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I need to optimize the load time of a web application which contains lots of javascript files included in each of it's HTML pages. I want to try head.js in one such page to see if it improves load time. There are lots of $(document).ready(callback) callbacks in those JS files which are invoked when DOM is loaded while head.js is still downloading remaining JS files.

Is there a way I could tell jQuery not to trigger ready event on its own, rather let me trigger it from inside the ready callback of head.js?

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Thanks for the upvote, but looks like people don't use head.js with jQuery frequently. –  craftsman Jul 8 '12 at 10:37
    
Any ideas people? Any suggestions? Even loud thinking will be much appreciated! –  craftsman Jul 8 '12 at 10:38
    
On their page they mention this problem, and they say jQuery 1.4+ works. What version of jQuery do you have? –  Igor Jerosimić Jul 8 '12 at 13:22
    
We have 1.6.2 here. –  craftsman Jul 8 '12 at 13:29

3 Answers 3

I am unsure as to why you'd want to trigger the document ready event manually.

Instead, subscribe and publish your own events using jQuery's built-in trigger & bind functionality. This is best practice and the optimal solution.

Working JSFiddle Demo

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Since head.js downloads JS files in parallel without blocking other things, jQuery's ready would trigger when many of the JS files haven't yet downloaded, thus breaking the code. –  craftsman Aug 7 '12 at 22:11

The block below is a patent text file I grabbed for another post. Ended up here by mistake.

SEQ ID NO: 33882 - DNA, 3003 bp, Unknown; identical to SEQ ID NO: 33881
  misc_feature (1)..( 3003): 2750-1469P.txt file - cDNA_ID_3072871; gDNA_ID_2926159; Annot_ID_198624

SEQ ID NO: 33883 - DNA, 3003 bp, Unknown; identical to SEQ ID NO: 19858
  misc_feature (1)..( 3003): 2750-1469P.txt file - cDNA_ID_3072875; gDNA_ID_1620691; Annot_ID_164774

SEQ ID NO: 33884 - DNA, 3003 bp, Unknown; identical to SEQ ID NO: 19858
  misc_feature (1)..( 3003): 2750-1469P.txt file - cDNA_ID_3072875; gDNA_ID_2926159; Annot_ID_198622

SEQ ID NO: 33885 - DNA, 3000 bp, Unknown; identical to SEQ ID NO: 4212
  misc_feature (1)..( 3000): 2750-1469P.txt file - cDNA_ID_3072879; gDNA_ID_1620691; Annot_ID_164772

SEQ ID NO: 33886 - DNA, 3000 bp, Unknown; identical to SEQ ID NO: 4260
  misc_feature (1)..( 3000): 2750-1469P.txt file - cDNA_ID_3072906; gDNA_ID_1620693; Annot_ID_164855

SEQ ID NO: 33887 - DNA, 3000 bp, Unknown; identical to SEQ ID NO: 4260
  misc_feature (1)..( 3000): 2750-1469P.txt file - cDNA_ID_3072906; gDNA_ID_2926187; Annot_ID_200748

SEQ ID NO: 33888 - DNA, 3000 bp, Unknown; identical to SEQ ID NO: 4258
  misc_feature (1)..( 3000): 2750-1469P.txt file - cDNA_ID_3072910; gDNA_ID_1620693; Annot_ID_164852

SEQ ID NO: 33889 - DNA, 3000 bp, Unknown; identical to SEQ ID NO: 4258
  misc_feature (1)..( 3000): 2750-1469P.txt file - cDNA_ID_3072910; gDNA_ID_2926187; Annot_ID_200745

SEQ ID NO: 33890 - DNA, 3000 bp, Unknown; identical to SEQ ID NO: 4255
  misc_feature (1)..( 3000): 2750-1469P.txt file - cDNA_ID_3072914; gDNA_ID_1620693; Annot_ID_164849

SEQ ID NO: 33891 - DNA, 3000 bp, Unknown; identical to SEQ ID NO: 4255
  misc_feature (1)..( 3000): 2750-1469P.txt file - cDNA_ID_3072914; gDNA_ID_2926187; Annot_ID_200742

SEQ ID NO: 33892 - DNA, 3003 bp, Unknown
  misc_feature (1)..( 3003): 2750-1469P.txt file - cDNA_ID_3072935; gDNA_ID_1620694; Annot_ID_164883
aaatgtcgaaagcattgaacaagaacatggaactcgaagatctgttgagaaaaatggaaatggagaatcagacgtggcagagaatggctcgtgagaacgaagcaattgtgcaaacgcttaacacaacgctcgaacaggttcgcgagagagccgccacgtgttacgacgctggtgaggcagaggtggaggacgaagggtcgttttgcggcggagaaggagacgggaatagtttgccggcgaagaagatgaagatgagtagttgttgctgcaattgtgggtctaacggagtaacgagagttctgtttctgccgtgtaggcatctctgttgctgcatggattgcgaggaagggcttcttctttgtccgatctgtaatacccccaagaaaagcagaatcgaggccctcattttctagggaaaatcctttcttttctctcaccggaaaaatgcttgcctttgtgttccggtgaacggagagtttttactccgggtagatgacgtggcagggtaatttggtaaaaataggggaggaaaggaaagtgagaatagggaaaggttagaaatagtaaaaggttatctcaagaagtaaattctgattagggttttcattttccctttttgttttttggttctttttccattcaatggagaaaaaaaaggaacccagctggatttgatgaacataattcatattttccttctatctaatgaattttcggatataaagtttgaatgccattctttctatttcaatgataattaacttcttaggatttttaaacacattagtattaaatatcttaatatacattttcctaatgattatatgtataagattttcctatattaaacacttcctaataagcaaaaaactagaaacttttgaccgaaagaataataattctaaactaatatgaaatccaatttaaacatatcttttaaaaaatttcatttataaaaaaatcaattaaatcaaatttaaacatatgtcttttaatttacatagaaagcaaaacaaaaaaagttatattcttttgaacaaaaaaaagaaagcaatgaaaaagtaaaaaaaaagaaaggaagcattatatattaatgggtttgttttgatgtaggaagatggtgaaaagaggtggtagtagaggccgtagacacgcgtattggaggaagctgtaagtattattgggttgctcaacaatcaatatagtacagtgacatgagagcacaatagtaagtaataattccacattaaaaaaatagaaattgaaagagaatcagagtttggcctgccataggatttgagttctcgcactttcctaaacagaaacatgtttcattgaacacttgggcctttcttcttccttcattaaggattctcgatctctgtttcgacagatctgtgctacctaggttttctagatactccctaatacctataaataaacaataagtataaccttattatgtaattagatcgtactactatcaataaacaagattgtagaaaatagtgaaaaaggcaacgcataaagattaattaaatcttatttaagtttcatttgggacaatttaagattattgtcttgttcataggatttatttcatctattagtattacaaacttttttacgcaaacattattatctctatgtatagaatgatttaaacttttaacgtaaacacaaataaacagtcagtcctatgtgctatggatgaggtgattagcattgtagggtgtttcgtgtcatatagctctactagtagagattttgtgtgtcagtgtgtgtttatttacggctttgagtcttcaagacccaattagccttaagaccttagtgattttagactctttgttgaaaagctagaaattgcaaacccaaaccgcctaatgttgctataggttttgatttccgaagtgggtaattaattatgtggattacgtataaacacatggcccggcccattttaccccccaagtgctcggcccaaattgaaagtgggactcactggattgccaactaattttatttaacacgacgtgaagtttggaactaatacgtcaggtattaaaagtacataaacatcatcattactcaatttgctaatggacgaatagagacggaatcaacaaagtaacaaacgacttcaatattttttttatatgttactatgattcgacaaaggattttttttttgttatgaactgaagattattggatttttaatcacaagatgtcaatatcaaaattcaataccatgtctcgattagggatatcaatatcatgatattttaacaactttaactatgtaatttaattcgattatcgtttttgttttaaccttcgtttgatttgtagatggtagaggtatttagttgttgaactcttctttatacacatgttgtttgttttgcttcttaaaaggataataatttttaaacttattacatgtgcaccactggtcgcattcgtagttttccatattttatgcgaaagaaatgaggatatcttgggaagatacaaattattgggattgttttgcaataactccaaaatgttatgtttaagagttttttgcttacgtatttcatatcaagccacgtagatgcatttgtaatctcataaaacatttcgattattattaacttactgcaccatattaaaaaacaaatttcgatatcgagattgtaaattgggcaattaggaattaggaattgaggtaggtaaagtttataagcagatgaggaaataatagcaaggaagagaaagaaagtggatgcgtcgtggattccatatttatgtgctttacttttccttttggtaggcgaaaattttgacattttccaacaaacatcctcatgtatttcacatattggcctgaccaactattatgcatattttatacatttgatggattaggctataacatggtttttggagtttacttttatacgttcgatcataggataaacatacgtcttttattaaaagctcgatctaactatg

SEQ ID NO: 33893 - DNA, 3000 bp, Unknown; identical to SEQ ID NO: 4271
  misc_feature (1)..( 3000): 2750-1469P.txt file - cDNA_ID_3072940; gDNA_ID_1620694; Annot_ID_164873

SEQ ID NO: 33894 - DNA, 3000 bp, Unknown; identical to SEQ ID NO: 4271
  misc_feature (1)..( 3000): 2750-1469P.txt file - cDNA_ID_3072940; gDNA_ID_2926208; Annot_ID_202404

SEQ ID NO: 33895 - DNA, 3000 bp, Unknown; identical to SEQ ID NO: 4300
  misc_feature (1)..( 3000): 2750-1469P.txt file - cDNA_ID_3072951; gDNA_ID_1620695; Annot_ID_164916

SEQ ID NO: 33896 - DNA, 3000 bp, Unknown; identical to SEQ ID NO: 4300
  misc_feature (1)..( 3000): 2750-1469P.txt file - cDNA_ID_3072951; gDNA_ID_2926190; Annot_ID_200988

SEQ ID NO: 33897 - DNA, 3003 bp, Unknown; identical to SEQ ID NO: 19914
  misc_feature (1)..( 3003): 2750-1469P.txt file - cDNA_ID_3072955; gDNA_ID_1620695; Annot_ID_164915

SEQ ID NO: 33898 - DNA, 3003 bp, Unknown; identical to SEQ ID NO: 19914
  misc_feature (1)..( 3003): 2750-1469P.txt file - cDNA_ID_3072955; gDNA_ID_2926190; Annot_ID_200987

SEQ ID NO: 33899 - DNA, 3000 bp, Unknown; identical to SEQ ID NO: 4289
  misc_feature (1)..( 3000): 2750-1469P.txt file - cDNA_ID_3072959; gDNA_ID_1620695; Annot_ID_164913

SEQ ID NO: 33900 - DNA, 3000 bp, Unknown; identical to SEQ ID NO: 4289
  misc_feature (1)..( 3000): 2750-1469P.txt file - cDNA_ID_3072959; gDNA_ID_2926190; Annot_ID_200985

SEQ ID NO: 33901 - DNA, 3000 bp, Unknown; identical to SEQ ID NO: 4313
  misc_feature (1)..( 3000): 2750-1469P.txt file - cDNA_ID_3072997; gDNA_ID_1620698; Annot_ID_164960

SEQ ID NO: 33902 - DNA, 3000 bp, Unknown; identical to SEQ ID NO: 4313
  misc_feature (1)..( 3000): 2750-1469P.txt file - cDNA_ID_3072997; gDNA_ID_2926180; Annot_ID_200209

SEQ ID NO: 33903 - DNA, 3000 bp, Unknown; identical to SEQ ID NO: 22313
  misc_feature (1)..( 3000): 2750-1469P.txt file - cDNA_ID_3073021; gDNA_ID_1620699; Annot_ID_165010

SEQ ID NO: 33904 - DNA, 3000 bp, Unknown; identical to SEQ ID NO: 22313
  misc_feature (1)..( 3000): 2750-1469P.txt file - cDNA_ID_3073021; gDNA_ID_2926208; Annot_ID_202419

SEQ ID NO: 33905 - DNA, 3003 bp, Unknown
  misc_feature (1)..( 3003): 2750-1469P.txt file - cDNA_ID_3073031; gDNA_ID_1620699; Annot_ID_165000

Did you see my JSFiddle? The docAndHeadJSReady event is not fired until head.js has finished loading everything. –  briangonzalez Aug 8 '12 at 1:55
    
Thanks for your response, but as I mentioned, it was a legacy code I was dealing with, which had tons of code in lots of ready callbacks. There would have had been no problem at all if I could change the code at first place. –  craftsman Aug 8 '12 at 6:01

I have made a small experiment. Something like:

<html> 
<head>
<script src="head.js"></script>
<script src="jquery.min.js"></script>
</head>
<body>
<script type="text/javascript">
jQuery("document").ready(function() {
    console.log("ready.document");
});
</script>
...
<script type="text/javascript">
head.js("a.js", "b.js", "c.js", "test.js", function() {
        console.log("init.scripts");
        var millis = 2000;
        var date = new Date();
        var curDate = null;

        do {curDate = new Date(); } 
            while(curDate-date < millis);
        jQuery("#ddd").text(testTT);
        console.log("init.end");

});

</script>
... a lot of html content ...
<div id="ddd"></div>
...
<script type="text/javascript" >
console.log("last line");
</script>
</body>

The test.js writes to console and defines testTT. The result is following

last line
init.testTT
init.scripts
init.end
ready.document

Thus, in this simple case (using jQuery 1.8), first the code in loaded *.js is executed then head.js on init event is generated, finally jQuery ready event is generated. So it should be fine to wait until JQuery generates ready event. However if this is still an issue you could do the following.

head.js("a.js", "b.js", "c.js", function() { 
 jQuery("document").ready(function() {
      jQuery("body").trigger("your_event");
 });
});

and instead of listening to jQuery("document").ready... in your *.js start listen to the custom event you are triggering jQuery("body").on("your_event", handler).

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create a function register it in document ready

$(document).ready(readyFunc);

readyFunction(){
   /// something to do;
}

if you like to use them manually, just need call the readyFunction();

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